I remember walking into the church in Atlanta, Georgia where Martin Luther King Jr. preached his messages of equality and empowerment. MLK Jr. was supported by several activists and leaders in the Black community. One of these activists was the incredibly inspiring John Lewis. Much to our dismay, John Lewis passed away on July 17, 2020 due to his cancer diagnosis.
As a young activist, Lewis was one of the 13 Freedom Riders who planned to ride in an integrated bus from Washington, D.C. to New Orleans. Before they could reach their destination, many of the Freedom Riders, including Lewis, were brutally assaulted. Lewis faced many more blows to his body while protesting, but that did not stop him.
As a man in his 20s, Lewis was named a part of the “Big Six,” a group of legendary Black activists who organized and led the March on Washington. He is an inspiration to young people in that he proved that speaking up against injustice can be done at any age. Since his work during the Civil Rights Movement, he has tirelessly worked as a congressman to create more opportunities and better policies for underrepresented communities. Lewis was a hero before he passed and will continue to be remembered as a hero for his efforts to create a better world.
Early Day for the People
As a congressman, John Lewis would start his day at 7 a.m. and would navigate through committee meetings and speeches. Then, in the late afternoon, he would have some soup or whatever was being offered in the Longworth Cafeteria on Capitol Hill. This was followed by a long day of 1-2 and sometimes, up to 7 professional and political receptions that would go into the evening. From 1987 to the day he died, he served in the House of Representatives for Georgia’s 5th Congressional District. He was, as some said, the “conscience of congress.” He brought awareness and his sound mind to difficult discussions within the congressional floor. His approach on life and work came from this philosophy: “When you see something that is not right, not fair, not just, you have a moral obligation to say something, to do something. Stand up. Speak up. Speak out.”
As a congressman, he protested and arranged sit-ins for major issues like gun reform and was sometimes even arrested, but he never backed down and kept on fighting. Even after being diagnosed with pancreatic cancer, he went back to Congress working as he normally would. It is incredible how dedicated he was to his work even at the age of 80 while withstanding cancer.
A Reader and A Writer
When he was young, Lewis went to the library everyday to read The Nashville Tennessean, and he continued this habit for the rest of his life. For Lewis, the point of reading the newspaper was to stay informed about the state of the world. As a child, he was not allowed to check out a book from the library because of the color of his skin. This increased his appreciation for reading and books as he wished to read every book he got his hands on. It makes sense why he had such an extensive book collection. As people say, avid readers make great writers, and the same can be said about Lewis. His pen has written several revolutionary speeches, policies, and books like the March trilogy.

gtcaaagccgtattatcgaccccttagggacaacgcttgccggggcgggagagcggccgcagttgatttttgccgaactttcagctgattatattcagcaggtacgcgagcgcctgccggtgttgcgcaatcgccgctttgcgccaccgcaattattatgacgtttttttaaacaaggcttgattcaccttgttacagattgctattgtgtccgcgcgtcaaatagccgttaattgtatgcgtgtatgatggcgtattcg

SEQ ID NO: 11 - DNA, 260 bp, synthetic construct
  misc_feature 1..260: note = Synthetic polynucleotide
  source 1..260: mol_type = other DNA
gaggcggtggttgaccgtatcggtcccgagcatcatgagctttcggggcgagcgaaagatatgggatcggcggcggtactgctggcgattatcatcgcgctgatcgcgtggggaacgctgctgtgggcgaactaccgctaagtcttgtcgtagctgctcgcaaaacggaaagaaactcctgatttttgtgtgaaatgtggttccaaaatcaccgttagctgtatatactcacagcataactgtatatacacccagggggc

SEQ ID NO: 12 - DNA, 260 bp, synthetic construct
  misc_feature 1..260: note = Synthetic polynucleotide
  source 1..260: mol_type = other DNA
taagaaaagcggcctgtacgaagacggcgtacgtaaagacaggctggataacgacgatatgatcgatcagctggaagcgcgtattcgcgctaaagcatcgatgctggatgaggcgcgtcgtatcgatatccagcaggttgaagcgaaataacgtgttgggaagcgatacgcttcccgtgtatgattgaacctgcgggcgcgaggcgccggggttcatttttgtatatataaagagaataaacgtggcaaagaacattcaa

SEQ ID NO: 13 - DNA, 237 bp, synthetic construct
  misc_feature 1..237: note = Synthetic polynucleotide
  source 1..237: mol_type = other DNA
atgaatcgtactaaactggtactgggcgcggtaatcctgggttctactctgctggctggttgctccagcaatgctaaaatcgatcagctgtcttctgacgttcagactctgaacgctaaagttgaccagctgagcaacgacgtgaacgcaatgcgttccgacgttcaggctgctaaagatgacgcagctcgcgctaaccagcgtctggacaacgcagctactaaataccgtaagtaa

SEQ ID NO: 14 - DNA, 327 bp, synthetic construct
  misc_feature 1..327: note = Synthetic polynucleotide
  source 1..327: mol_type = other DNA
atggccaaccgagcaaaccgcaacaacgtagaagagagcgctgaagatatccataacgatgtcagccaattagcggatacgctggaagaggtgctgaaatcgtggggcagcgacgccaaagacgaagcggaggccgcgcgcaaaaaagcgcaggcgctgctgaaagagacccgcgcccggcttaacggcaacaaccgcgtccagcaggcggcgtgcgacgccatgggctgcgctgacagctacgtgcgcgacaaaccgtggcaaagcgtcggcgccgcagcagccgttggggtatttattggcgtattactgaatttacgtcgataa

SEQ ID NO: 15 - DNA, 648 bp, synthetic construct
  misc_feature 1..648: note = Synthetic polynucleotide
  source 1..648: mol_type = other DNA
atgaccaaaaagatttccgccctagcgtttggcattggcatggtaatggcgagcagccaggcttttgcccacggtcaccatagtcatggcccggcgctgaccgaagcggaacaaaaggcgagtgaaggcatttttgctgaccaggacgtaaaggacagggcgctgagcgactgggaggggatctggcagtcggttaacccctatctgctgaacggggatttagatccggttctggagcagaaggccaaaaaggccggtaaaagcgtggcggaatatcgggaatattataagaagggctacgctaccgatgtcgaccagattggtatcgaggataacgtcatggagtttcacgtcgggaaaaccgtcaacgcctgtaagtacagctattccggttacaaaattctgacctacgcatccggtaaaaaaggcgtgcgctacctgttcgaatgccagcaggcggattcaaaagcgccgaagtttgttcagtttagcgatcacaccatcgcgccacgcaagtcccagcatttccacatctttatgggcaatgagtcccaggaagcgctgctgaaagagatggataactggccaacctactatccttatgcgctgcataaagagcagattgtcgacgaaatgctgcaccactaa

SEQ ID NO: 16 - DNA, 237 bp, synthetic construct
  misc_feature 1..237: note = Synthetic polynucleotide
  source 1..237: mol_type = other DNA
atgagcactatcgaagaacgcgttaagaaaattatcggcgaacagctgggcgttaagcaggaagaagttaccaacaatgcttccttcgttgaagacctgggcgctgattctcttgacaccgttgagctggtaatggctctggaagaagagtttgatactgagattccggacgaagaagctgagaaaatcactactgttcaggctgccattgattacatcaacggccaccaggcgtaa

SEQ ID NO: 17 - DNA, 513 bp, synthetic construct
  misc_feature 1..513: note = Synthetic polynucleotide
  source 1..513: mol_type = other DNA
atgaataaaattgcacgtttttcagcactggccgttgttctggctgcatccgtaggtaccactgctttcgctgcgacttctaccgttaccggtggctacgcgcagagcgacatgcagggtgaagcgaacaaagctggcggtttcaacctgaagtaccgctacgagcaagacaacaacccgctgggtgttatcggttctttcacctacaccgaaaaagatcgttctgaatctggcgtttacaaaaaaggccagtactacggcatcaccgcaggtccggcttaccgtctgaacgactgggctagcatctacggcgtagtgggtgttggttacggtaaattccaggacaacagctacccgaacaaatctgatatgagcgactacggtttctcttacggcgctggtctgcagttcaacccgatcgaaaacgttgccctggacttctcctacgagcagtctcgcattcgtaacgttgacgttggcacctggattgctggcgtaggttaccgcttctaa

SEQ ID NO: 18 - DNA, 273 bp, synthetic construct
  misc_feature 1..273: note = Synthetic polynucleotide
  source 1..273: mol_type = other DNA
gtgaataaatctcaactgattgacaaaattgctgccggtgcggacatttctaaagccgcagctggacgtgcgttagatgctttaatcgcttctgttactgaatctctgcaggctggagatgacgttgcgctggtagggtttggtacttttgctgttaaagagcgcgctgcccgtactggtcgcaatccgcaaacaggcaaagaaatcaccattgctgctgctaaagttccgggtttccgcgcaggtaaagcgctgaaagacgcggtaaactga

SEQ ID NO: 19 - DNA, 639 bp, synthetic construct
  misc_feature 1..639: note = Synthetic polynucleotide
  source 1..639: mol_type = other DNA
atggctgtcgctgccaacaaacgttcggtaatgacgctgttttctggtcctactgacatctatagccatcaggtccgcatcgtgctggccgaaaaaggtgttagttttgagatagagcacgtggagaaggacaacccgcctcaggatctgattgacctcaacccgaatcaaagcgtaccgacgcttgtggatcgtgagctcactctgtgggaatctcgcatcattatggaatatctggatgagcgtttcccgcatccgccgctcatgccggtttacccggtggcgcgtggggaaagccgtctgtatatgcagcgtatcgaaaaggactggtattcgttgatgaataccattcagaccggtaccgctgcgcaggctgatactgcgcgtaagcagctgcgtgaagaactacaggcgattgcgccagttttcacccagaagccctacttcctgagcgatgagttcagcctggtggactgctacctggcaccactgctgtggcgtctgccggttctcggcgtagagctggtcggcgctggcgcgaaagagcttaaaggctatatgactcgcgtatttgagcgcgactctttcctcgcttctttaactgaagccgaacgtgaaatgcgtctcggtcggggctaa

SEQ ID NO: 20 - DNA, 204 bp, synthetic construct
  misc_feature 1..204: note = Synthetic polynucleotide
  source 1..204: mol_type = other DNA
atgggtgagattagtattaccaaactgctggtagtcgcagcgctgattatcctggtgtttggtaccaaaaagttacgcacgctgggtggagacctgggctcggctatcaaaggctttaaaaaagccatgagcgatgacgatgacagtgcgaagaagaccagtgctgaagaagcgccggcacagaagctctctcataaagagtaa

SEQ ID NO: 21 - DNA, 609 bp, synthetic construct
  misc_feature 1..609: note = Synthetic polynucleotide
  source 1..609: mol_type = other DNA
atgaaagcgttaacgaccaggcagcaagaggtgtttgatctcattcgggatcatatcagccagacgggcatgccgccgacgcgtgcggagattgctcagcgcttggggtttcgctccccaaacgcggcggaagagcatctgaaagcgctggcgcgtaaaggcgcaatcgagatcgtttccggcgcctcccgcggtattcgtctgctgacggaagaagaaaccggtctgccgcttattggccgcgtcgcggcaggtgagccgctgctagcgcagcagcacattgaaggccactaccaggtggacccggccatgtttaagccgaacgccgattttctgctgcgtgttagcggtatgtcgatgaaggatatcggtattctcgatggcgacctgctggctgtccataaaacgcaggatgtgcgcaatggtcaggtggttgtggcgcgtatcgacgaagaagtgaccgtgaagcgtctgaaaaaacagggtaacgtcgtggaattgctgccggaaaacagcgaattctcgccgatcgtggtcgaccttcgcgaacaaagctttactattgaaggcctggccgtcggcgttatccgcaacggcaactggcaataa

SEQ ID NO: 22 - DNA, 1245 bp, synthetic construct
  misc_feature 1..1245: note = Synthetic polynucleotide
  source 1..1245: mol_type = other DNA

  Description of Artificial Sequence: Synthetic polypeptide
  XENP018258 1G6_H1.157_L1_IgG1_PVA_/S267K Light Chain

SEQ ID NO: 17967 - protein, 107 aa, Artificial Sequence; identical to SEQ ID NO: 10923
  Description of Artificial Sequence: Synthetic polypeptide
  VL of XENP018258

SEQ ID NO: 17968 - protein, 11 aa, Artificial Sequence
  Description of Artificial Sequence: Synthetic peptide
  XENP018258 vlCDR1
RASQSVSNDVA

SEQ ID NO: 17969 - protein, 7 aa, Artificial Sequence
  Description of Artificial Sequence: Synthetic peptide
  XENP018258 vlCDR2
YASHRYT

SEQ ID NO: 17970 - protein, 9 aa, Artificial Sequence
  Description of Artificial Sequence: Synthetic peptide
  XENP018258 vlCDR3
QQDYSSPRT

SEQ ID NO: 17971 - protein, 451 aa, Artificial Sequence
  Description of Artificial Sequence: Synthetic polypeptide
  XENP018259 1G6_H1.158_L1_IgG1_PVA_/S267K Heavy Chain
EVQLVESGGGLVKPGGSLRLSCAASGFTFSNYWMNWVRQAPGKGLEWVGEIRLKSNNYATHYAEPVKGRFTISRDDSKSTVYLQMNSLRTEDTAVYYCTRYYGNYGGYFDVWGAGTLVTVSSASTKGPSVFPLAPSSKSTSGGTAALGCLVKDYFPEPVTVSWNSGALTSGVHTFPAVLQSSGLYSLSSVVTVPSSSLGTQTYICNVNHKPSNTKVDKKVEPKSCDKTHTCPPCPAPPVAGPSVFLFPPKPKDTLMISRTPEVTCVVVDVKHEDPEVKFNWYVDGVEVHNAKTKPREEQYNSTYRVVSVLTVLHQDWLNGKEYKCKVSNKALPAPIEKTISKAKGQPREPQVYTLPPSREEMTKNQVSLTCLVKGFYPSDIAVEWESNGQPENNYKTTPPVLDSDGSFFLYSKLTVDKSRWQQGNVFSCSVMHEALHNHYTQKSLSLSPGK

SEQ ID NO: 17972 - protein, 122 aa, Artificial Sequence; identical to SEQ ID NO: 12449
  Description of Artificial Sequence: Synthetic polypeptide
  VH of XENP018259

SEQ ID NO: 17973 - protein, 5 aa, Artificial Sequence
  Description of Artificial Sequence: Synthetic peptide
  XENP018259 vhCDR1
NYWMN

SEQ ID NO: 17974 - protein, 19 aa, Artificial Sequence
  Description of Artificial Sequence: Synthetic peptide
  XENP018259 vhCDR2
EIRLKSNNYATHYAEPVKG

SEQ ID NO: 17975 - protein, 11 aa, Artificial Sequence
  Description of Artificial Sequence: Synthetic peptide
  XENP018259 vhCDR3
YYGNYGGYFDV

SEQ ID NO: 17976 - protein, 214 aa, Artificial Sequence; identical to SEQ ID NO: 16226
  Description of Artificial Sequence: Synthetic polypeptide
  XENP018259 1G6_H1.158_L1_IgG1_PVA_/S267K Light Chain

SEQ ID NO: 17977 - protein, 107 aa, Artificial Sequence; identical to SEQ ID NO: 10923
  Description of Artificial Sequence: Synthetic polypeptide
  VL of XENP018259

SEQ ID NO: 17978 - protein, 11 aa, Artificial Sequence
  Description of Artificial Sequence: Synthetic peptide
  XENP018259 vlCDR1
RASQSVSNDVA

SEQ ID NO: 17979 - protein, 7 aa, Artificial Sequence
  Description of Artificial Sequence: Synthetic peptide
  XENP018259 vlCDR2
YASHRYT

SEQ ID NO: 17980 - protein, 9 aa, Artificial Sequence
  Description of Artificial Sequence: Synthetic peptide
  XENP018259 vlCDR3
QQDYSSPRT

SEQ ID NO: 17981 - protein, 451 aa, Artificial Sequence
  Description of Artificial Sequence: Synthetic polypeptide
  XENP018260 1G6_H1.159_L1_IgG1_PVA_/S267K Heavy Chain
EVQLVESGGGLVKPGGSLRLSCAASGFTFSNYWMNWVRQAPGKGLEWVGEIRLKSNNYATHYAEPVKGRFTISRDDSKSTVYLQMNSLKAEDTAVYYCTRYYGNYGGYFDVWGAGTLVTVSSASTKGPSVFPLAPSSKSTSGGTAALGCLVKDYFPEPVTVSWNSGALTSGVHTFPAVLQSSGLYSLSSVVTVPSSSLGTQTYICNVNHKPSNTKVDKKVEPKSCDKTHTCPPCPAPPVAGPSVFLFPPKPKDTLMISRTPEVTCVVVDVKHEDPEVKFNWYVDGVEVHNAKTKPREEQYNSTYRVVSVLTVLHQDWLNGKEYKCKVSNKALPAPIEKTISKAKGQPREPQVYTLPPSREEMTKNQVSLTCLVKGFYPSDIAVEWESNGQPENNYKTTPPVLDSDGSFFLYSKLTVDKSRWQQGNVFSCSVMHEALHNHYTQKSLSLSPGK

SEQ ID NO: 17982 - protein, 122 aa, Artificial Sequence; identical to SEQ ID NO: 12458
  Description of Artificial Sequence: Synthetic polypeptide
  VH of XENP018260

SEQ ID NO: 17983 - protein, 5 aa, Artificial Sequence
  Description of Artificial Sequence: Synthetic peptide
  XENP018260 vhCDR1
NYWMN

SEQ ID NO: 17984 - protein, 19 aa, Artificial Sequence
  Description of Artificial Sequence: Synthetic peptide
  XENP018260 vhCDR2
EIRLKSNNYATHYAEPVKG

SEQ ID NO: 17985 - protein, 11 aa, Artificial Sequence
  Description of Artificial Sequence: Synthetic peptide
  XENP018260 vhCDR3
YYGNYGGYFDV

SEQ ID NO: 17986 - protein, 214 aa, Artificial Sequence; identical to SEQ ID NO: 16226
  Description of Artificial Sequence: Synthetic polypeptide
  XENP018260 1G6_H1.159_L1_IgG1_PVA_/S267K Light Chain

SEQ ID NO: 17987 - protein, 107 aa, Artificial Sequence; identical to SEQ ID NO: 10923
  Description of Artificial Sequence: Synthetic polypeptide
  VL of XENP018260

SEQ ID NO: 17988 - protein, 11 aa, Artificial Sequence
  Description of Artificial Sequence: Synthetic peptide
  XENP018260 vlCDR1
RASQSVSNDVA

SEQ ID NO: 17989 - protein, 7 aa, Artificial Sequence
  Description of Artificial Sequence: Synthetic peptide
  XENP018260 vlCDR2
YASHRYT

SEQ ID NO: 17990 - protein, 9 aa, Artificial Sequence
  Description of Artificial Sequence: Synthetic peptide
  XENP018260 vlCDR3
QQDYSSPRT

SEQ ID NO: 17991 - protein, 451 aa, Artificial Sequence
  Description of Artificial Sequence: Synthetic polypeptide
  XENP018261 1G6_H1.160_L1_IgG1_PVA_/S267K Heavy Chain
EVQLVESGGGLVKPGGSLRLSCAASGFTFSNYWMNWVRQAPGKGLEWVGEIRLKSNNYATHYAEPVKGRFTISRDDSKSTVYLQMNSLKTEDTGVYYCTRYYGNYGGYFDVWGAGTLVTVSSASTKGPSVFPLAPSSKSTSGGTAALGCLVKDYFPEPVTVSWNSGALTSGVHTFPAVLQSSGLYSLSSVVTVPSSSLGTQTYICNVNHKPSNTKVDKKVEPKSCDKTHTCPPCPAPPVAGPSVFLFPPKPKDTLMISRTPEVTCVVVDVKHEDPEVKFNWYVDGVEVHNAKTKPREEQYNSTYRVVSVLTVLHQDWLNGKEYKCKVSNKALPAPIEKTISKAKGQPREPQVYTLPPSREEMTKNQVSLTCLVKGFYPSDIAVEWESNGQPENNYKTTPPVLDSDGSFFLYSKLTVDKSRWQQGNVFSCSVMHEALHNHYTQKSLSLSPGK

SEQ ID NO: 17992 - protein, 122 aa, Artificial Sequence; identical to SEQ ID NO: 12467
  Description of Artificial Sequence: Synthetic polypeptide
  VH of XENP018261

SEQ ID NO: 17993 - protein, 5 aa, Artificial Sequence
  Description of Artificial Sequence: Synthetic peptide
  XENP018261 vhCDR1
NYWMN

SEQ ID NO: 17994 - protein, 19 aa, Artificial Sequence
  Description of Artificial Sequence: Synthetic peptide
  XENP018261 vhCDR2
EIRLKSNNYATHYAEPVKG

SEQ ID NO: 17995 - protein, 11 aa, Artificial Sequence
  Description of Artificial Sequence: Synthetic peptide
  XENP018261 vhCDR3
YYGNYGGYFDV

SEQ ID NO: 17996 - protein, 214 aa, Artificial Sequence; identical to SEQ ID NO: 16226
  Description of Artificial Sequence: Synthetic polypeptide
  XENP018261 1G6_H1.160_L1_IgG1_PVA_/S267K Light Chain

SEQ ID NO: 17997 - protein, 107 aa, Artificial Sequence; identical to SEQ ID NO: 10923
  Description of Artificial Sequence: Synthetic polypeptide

Days before he passed away, Lewis engaged in a discussion with other Black leaders and activists about the importance of self-care. Even while facing a cancer diagnosis, Lewis took care of his body with a healthy diet, consistent rest, and good sleep. Above all, Lewis found solace in God and his faith. “Lord let me live,” a little prayer he had uttered while being beaten in Selma, had given him the strength to keep fighting. He said that he felt blessed to see the changes that have happened and was proud of all of the young people fighting against racial injustice.
After a long day in Congress, for Lewis, the little things kept him going, and he found peace in poetry and gospel music. One of his favorite songs was “Order My Steps.” He believed that God had ordered the steps that helped him make the change he wanted to make.
Lewis’ calm composure amazed many individuals, but perhaps, it could have been the result of his ability to self-reflect and think about the purpose of his actions. Before any delegation, speech, or protest, Lewis had what he called “executive sessions” with himself to reflect, pray, and find peace within his mind: “This is what you must do. This is what you must say. Do what you can, and play the role you can play.” His faith not only supported him, but it also allowed him to support others, and it will continue to support people as they fight against inequality.
A Genuine Soul
His wishes in life were simple; he wanted peace and balance in the world. As a congressman, he made rational decisions for the greater good. As a human being, he had simple desires and enjoyed time with his loved ones. Lewis spent a lot of time with his brothers and sisters and visited his family in Alabama. His wife, Lillian, supported him during the worst and the best of times. She managed his election campaigns, stood by his side for 44 years, and was his best friend.
Some of his favorite things were sweet potato pie, the color blue, and the season of spring. Even from his favorites, one can tell how calm and balanced his choices and mindset were. Although he has passed from this Earth, John Lewis will continue to be in our hearts and will continue to inspire us to be better versions of ourselves. May you find his final words as inspiration to keep pursuing justice and liberty.
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